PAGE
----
Physics at Virginia

Memorial Resolution for Klaus Ziock

Friday, December 10 2010

Memorial Resolution for Klaus O. H. Ziock, read to the Faculty of Arts and Sciences on December 9, 2010, by Prof. Ralph Minehart:

Klaus Otto Heinrich Ziock, an experimental physicist and Physics Professor Emeritus, died on November 5, 2010, from complications following abdominal surgery. He leaves his wife of 58 years, Ursula (Uschi) Ziock, four sons, Hans-Joachim, Klaus-Peter, Robert, Michael, and their families including two grandchildren and one great grandchild.

Klaus was born on February 4, 1925 in Herchen, Germany. Following service in the German army during World War II, he received a Dipl. Phys. in 1949 from the University of Bonn, Germany. From 1950 to 1954 he worked as a physicist in the Research and Development Department of E. Leybold's Nachfolger in Koeln, Germany. During this period he published several papers on vacuum technology and was awarded six patents for vacuum devices. He returned to the University of Bonn to earn his advanced degree under the direction of Wolfgang Paul, who won the 1989 Nobel Prize in Physics. He received the degree of Rerum Naturalium Doctor in 1956, and remained for two more years at Bonn as an Assistant in Physics. From 1958 to 1960 he was employed as a Research Associate at Yale University, working with Professor Vernon Hughes. He served on the Yale faculty as an Assistant Professor of Physics from 1960 to 1962. In 1962 he joined the University of Virginia as an Associate Professor, serving as the Acting Director of the newly formed Virginia Associated Research Center. He spent a year as a Visiting Scientist at CERN from 1969 to 1970. He was promoted to Professor of Physics in 1972. After receiving an American Senior Scientist Award from the Alexander von Humboldt Foundation of Germany in 1977, he spent a year at the Swiss Institute for Nuclear Science. He was a member of the American Physical Society.

His pre-doctoral work centered around the study of atomic spectra with his dissertation on the measurement of the oscillator strength of the 3,720 Angstrom iron resonance line. His association with Professor V. Hughes at Yale University culminated in the successful production of muonium and verification of its existence at the Columbia University Nevis Cyclotron. Muonium, which consists of a bound positive muon and an electron, has since played a major role in precision fundamental measurements in quantum electrodynamics. Continued studies of fundamental properties of muons and pions were an important thread in the remainder of his career. At the University of Virginia he played a seminal role in the creation of a highly successful Medium Energy Experimental Group in the Physics Department. At the Space Radiation Effects Laboratory he instituted a program to study nuclear properties with pion and muon capture. In 1970 this program was transferred to the Meson Physics Facility at Los Alamos, NM, where he carried out a long series of experiments until his retirement in 1995. His last work at Los Alamos was a major contribution to the apparatus for the MEGA experiment, a large-scale program to search for the decay of a muon to an electron and a gamma ray. This decay is forbidden by the so-called Standard Model, but predicted to occur with extremely low probability by some modern theoretical hypotheses. Following his sabbatical year at the Swiss Institute for Nuclear Science he continued an active program there through experiments on the properties of muons and pi mesons and their interaction with nuclei. He also conducted in his Charlottesville laboratory an extensive search for fractionally charged particles (quarks) predicted by the Standard Model using magnetic levitation of 30 microgram steel spheres.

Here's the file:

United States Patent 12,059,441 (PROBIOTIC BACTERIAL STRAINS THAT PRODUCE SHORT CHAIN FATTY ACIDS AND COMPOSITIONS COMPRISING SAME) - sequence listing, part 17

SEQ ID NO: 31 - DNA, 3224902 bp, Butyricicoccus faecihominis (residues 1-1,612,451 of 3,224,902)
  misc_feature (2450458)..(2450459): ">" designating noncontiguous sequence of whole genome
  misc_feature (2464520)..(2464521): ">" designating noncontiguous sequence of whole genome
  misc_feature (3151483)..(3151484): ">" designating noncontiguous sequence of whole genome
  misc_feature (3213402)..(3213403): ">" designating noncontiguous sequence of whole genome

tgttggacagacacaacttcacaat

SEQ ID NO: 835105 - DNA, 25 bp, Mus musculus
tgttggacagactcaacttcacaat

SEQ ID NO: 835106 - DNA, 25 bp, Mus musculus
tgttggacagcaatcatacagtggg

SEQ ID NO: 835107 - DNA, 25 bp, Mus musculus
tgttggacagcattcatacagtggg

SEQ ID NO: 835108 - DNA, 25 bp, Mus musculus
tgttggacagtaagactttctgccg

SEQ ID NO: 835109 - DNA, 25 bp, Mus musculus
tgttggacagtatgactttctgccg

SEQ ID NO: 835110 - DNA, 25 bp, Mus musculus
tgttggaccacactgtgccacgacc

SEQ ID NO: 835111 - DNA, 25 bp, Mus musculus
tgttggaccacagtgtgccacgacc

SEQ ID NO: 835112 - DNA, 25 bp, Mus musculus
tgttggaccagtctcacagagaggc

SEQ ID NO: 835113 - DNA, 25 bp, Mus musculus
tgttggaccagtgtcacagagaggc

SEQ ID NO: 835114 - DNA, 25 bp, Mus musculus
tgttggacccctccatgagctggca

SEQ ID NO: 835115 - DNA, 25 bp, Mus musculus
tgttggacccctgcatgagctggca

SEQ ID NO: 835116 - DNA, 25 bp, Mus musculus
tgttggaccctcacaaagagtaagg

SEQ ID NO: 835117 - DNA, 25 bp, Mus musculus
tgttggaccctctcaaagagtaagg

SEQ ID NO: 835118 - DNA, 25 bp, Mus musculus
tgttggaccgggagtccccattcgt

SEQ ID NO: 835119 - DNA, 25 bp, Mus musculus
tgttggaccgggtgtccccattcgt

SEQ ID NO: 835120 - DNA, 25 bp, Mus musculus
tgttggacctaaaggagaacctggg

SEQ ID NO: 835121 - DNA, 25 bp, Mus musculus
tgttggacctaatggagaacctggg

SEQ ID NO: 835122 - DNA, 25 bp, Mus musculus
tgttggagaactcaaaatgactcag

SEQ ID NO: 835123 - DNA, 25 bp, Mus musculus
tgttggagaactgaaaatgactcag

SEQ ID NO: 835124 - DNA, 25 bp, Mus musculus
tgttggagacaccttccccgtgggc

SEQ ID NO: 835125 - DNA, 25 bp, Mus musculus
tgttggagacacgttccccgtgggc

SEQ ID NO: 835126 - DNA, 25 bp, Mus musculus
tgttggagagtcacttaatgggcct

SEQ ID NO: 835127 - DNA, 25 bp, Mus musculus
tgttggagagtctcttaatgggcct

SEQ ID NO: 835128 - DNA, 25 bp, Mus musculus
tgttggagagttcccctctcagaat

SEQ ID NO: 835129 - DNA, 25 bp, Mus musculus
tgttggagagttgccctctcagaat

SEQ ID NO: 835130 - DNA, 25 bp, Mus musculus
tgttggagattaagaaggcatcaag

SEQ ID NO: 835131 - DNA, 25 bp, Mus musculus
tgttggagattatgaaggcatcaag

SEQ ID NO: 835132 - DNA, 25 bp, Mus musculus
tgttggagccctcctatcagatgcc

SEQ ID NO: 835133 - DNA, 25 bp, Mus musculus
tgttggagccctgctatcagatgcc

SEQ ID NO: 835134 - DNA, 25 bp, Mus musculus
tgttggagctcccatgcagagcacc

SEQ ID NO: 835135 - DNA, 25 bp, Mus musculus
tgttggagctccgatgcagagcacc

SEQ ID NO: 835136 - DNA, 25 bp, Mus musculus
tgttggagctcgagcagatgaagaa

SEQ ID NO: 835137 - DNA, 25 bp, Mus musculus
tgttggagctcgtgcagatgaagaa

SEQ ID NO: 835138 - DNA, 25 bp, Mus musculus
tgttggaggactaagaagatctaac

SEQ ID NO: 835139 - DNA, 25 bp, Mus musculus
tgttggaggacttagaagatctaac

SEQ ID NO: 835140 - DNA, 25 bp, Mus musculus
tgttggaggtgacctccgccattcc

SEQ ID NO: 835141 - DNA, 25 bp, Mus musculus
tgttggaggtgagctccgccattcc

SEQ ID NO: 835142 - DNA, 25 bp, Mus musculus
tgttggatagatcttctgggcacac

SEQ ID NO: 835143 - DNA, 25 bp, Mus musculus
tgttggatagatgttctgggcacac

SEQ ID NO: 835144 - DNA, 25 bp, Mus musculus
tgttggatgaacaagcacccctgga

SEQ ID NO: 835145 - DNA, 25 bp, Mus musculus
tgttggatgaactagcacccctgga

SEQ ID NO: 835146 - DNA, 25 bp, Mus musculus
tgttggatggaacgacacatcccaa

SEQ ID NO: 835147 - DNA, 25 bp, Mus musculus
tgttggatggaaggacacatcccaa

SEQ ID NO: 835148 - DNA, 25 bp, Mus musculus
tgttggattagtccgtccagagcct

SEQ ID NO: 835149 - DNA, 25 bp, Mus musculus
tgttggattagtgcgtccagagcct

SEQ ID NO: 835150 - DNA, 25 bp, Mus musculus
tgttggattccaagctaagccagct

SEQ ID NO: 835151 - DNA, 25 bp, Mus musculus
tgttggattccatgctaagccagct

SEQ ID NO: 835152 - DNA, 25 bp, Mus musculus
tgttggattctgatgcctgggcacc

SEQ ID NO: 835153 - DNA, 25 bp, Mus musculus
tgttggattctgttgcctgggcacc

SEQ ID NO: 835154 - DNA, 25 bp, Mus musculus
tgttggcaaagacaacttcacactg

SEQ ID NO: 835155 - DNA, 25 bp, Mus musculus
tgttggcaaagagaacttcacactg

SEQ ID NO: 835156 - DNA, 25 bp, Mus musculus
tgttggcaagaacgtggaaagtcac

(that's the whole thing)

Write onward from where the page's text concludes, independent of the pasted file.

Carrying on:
Klaus was an excellent and devoted teacher in the classroom and the laboratory. He was the Ph.D. adviser for 15 graduate students. He wrote an undergraduate textbook, Basic Quantum Mechanics, published by John Wiley and Sons in 1969. The book was greatly enlivened by his amusing and instructive cartoons and by his unique brand of humor.

Klaus's devotion to rigorous experimental research was matched by his devotion to his close-knit family, who enjoyed a rich life together. Not only Klaus, but his entire family profited from his European sabbaticals and summers in New Mexico. The summers included extensive exploration of the geology and Native American life in the Southwest. His sons have all gone on to lead successful lives, with the elder two following in his footsteps as experimental physicists. After retirement from U.Va. he and Uschi moved into a house at the foot of Sandia Mountain in Albuquerque, NM, which provided an excellent base for continued exploration and enjoyment of the American Southwest. His love of travel was also gratified by frequent ocean cruises to the Caribbean and farther afield. As a friend and colleague, he was always honest, aboveboard, and willing to provide help whenever he could. His friends around the world will miss him.